• John
  • Felde
  • University of Maryland
  • USA

Latest Posts

  • USLHC
  • USLHC
  • USA

  • James
  • Doherty
  • Open University
  • United Kingdom

Latest Posts

  • Andrea
  • Signori
  • Nikhef
  • Netherlands

Latest Posts

  • CERN
  • Geneva
  • Switzerland

Latest Posts

  • Aidan
  • Randle-Conde
  • Université Libre de Bruxelles
  • Belgium

Latest Posts

  • TRIUMF
  • Vancouver, BC
  • Canada

Latest Posts

  • Laura
  • Gladstone
  • MIT
  • USA

Latest Posts

  • Steven
  • Goldfarb
  • University of Michigan

Latest Posts

  • Fermilab
  • Batavia, IL
  • USA

Latest Posts

  • Seth
  • Zenz
  • Imperial College London
  • UK

Latest Posts

  • Nhan
  • Tran
  • Fermilab
  • USA

Latest Posts

  • Alex
  • Millar
  • University of Melbourne
  • Australia

Latest Posts

  • Ken
  • Bloom
  • USLHC
  • USA

Latest Posts

Seth Zenz | Imperial College London | UK

View Blog | Read Bio

Turning to the Dark Side

“So, you’ve turned to the dark side?” I’ve heard it surprisingly often, usually from my new colleagues on CMS. “Yes,” I reply. “My hate makes me powerful.”

We’re just kidding, of course.

I’ve been asked more seriously, on a number of occasions, why I switched from working with ATLAS to working with CMS. There are several ways I can answer that one:

1. Why not? ATLAS and CMS both look for the same exciting things at the LHC: the Higgs boson, supersymmetry, and all sorts of other new physics. They have roughly similar capabilities and, for the most part, conceptually similar designs. So I should be happy to work on either one.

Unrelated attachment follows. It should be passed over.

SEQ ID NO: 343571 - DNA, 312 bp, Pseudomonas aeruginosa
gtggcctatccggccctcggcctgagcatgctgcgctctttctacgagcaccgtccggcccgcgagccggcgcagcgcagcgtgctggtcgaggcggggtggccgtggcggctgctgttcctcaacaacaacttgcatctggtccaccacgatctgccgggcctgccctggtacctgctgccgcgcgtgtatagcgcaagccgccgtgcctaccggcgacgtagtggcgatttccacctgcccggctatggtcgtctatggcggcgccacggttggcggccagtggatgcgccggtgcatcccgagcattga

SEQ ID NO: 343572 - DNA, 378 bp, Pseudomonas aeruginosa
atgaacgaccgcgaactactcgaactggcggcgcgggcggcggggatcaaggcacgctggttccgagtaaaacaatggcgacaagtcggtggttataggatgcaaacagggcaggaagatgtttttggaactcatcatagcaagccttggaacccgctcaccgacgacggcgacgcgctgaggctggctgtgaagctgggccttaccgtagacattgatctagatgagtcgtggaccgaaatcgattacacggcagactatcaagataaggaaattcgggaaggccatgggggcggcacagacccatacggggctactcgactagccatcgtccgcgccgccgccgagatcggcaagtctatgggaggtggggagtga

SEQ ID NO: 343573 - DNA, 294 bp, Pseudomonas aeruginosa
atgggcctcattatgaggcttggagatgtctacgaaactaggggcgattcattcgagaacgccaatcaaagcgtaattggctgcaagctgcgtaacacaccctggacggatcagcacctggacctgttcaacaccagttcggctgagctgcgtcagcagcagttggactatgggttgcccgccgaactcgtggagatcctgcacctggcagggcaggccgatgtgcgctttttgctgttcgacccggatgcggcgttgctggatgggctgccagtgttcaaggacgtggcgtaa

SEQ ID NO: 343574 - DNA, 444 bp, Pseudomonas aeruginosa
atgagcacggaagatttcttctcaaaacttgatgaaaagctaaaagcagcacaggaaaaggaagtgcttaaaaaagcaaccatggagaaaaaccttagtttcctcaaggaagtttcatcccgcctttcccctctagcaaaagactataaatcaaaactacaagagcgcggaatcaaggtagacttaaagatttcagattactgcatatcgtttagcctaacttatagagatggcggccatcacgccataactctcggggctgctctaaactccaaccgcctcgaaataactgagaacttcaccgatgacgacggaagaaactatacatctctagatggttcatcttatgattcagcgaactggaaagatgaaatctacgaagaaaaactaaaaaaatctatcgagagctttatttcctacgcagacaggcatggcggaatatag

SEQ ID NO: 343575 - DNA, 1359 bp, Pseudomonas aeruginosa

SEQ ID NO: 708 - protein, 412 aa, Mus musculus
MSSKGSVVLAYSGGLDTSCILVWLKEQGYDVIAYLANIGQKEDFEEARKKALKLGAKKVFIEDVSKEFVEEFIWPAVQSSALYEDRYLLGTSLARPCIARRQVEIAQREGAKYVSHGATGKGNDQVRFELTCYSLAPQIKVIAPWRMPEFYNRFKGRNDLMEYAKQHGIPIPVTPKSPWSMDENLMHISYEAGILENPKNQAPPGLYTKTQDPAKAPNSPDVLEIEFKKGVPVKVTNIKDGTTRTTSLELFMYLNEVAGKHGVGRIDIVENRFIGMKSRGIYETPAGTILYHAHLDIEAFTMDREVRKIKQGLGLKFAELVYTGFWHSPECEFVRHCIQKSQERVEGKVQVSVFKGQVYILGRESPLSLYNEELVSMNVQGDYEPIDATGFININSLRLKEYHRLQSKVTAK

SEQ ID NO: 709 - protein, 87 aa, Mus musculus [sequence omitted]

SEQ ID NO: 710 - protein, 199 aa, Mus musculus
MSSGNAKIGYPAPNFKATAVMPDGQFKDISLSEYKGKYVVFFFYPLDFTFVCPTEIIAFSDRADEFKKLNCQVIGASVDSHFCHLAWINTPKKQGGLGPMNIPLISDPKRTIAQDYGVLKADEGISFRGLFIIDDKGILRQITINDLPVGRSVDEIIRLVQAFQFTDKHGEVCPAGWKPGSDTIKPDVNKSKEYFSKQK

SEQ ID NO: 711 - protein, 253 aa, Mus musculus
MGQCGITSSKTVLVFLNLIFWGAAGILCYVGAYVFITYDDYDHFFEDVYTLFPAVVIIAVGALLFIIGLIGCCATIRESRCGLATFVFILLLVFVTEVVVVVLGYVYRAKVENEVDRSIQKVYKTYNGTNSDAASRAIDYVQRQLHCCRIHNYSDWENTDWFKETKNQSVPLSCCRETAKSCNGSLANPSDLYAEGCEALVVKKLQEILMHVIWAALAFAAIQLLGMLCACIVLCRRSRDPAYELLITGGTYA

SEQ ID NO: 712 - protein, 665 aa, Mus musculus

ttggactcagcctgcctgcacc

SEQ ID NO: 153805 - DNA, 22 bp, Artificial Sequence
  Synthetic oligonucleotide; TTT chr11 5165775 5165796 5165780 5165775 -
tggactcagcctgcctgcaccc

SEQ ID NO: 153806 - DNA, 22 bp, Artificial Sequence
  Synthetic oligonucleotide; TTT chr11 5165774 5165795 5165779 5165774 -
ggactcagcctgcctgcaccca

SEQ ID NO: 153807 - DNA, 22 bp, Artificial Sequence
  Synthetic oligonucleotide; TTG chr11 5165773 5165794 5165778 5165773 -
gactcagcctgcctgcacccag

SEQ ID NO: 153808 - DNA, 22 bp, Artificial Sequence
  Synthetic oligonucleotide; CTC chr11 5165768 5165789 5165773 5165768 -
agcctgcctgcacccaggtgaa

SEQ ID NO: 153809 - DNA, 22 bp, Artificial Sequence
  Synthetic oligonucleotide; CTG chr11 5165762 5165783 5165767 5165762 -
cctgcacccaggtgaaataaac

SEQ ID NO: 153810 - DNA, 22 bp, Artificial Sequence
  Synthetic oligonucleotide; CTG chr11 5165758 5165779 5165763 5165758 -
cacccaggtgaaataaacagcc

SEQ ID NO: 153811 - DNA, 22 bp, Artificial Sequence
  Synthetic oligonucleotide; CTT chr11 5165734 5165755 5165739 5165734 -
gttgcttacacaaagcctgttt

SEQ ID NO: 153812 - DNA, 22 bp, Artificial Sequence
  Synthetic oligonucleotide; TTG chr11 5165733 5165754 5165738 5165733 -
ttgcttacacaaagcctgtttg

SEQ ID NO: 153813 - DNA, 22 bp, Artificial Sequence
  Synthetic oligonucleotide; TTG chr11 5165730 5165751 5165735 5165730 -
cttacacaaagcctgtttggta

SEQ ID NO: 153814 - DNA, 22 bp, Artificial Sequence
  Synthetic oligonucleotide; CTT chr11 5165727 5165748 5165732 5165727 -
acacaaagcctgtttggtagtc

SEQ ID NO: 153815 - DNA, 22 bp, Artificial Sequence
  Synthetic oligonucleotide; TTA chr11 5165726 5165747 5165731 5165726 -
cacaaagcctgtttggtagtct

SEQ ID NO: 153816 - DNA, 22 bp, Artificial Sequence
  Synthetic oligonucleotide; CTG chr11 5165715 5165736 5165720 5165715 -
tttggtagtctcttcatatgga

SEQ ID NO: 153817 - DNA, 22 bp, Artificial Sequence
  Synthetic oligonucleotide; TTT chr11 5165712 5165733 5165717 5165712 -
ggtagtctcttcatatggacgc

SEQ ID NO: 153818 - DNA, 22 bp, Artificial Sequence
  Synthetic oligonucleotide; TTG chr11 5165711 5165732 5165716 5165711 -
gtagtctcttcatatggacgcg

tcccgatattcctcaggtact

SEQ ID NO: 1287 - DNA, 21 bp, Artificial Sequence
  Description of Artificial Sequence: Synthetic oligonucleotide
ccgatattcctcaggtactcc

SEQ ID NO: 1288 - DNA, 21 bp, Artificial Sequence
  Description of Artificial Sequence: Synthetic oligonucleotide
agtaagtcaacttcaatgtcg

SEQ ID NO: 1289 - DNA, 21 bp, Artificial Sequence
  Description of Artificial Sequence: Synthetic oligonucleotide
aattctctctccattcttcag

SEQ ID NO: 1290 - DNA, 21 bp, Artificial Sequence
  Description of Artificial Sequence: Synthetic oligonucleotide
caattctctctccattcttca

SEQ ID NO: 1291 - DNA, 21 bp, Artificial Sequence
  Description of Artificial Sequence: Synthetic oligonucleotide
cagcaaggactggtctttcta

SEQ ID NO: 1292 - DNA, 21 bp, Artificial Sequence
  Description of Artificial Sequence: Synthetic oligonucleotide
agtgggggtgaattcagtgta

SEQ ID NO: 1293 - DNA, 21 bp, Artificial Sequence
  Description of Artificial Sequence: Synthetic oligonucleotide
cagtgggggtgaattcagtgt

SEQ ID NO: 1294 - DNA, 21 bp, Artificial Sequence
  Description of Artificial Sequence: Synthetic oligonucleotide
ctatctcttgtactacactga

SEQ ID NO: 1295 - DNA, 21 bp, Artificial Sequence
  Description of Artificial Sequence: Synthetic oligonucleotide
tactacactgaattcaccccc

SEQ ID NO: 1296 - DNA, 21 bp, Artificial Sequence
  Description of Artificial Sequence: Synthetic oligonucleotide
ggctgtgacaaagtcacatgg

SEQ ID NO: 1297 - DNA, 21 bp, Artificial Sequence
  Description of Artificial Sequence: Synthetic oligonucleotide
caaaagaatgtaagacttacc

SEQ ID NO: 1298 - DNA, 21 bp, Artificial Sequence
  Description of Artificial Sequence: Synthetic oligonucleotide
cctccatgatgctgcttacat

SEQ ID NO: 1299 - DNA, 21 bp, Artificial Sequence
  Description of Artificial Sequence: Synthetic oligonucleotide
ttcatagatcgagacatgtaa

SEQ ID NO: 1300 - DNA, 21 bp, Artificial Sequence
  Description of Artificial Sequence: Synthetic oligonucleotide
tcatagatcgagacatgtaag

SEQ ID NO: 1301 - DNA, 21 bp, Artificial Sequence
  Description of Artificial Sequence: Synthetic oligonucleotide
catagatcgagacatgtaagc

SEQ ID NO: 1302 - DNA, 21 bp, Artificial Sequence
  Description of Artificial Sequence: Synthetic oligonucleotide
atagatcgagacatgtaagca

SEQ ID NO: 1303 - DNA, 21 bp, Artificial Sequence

2. It came with the job. Being happy to work on either experiment means I applied to some groups working on ATLAS and some on CMS. The job I ended up with is with Princeton, and they have a CMS group, so…

3. It’s good for our field to exchange techniques and expertise between experiments.

4. It’s good for me to know people from both collaborations and learn different ways of doing things, and good to be forced into doing something completely different than what I did as a graduate student.

So why would switching be a bad idea? Well, mostly, it’s harder. There is more logistics to deal with to get started as a postdoc — on top of the logistics of starting a job — and a lot of time spent learning new software and new organization. And it will take me quite a bit longer to be in a position where I know enough and people have enough confidence in my work to give me significant responsibilities. But all of this, I hope, is transitory.

In the end, neither experiment is the dark side. They do compete with each other — as intended, to keep everyone working hard — but they’re more like opposing sports teams than opposite sides of the Force. You may despise the team across town much of the time, but without them you couldn’t play baseball. And once in a while, players get traded.

Share

Tags: , , , ,